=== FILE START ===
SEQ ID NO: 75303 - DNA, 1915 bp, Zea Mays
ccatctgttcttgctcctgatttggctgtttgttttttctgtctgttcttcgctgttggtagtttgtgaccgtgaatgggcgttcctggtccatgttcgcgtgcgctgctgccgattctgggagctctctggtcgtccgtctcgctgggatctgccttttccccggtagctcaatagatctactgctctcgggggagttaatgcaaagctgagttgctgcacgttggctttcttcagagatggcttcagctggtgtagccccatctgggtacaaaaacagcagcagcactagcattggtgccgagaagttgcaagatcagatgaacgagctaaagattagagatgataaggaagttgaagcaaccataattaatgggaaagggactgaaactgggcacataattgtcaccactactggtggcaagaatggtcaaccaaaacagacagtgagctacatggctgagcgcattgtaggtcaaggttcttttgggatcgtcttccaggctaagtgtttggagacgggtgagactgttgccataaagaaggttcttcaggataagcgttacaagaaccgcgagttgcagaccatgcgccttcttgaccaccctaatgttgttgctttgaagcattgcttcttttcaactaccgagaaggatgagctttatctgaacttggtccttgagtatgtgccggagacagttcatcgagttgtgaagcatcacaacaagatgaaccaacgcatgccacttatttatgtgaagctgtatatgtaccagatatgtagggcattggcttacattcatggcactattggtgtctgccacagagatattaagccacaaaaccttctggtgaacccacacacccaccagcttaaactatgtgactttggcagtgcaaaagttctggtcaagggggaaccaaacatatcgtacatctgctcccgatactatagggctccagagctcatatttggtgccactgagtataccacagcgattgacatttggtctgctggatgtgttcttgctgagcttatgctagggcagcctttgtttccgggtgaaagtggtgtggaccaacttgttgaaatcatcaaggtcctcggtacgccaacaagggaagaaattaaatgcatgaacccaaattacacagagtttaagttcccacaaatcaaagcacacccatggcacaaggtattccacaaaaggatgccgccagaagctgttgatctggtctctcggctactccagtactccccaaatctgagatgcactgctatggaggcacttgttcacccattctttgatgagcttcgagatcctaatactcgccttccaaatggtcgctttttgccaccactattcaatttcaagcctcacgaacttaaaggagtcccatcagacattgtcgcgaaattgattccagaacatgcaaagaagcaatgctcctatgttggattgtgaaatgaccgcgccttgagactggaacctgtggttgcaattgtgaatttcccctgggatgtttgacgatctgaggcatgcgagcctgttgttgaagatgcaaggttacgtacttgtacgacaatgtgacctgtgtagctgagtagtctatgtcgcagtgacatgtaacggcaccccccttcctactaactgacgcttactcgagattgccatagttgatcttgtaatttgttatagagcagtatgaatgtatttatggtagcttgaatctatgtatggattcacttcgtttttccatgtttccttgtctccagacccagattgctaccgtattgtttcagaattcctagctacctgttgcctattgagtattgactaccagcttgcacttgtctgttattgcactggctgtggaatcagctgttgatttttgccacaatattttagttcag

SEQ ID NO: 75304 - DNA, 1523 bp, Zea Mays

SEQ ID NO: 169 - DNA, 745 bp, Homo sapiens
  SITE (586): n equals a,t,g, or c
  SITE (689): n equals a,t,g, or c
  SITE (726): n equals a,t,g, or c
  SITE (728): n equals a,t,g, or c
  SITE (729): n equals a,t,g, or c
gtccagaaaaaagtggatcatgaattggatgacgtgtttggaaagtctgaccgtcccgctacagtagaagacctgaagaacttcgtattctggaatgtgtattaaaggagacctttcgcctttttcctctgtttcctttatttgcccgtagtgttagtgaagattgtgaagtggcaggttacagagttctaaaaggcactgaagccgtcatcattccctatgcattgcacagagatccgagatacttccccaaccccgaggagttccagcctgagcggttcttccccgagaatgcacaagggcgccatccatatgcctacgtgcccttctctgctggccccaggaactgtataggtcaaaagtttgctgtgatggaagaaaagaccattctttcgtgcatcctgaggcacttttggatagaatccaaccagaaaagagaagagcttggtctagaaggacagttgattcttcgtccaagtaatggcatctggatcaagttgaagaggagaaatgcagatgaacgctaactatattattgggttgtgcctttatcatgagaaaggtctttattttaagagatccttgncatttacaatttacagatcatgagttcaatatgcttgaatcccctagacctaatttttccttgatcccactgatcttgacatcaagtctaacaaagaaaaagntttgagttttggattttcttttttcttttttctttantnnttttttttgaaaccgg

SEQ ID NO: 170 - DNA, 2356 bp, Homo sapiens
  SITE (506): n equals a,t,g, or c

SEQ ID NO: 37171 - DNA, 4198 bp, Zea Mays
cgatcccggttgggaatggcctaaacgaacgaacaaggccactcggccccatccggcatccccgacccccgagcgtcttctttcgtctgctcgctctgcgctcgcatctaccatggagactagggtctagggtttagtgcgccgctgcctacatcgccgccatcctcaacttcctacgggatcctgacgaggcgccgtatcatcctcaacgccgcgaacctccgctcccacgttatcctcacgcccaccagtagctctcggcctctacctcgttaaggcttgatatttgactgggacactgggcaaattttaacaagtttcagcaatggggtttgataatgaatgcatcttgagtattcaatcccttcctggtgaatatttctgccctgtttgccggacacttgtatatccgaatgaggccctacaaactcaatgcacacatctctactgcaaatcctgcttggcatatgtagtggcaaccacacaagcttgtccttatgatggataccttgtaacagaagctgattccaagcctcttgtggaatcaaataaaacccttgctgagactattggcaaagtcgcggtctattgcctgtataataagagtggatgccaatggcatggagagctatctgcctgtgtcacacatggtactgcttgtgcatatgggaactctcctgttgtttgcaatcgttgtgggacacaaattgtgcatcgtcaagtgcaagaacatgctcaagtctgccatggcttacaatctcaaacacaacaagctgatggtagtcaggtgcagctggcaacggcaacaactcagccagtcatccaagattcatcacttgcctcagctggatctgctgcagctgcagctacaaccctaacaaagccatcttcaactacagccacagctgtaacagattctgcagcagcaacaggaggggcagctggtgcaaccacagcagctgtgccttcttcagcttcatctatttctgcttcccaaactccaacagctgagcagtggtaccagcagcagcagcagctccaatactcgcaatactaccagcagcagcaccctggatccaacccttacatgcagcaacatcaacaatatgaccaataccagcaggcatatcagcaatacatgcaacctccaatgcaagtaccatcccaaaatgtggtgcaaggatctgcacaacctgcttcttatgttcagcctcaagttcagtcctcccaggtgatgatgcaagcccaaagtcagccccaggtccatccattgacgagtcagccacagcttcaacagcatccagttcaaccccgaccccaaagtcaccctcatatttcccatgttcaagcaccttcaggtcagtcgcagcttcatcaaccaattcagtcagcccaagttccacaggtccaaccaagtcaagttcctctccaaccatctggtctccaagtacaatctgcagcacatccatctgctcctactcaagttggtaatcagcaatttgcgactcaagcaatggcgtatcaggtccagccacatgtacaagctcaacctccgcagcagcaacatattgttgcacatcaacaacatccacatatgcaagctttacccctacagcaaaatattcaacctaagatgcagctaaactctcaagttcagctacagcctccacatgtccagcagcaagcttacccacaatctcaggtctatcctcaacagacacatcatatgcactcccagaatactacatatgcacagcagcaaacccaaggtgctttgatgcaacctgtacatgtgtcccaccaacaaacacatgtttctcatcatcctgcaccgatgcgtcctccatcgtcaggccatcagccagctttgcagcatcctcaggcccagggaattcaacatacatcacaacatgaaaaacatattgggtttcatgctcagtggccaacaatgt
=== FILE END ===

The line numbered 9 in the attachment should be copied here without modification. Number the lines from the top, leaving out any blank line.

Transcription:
  SITE (729): n equals a,t,g, or c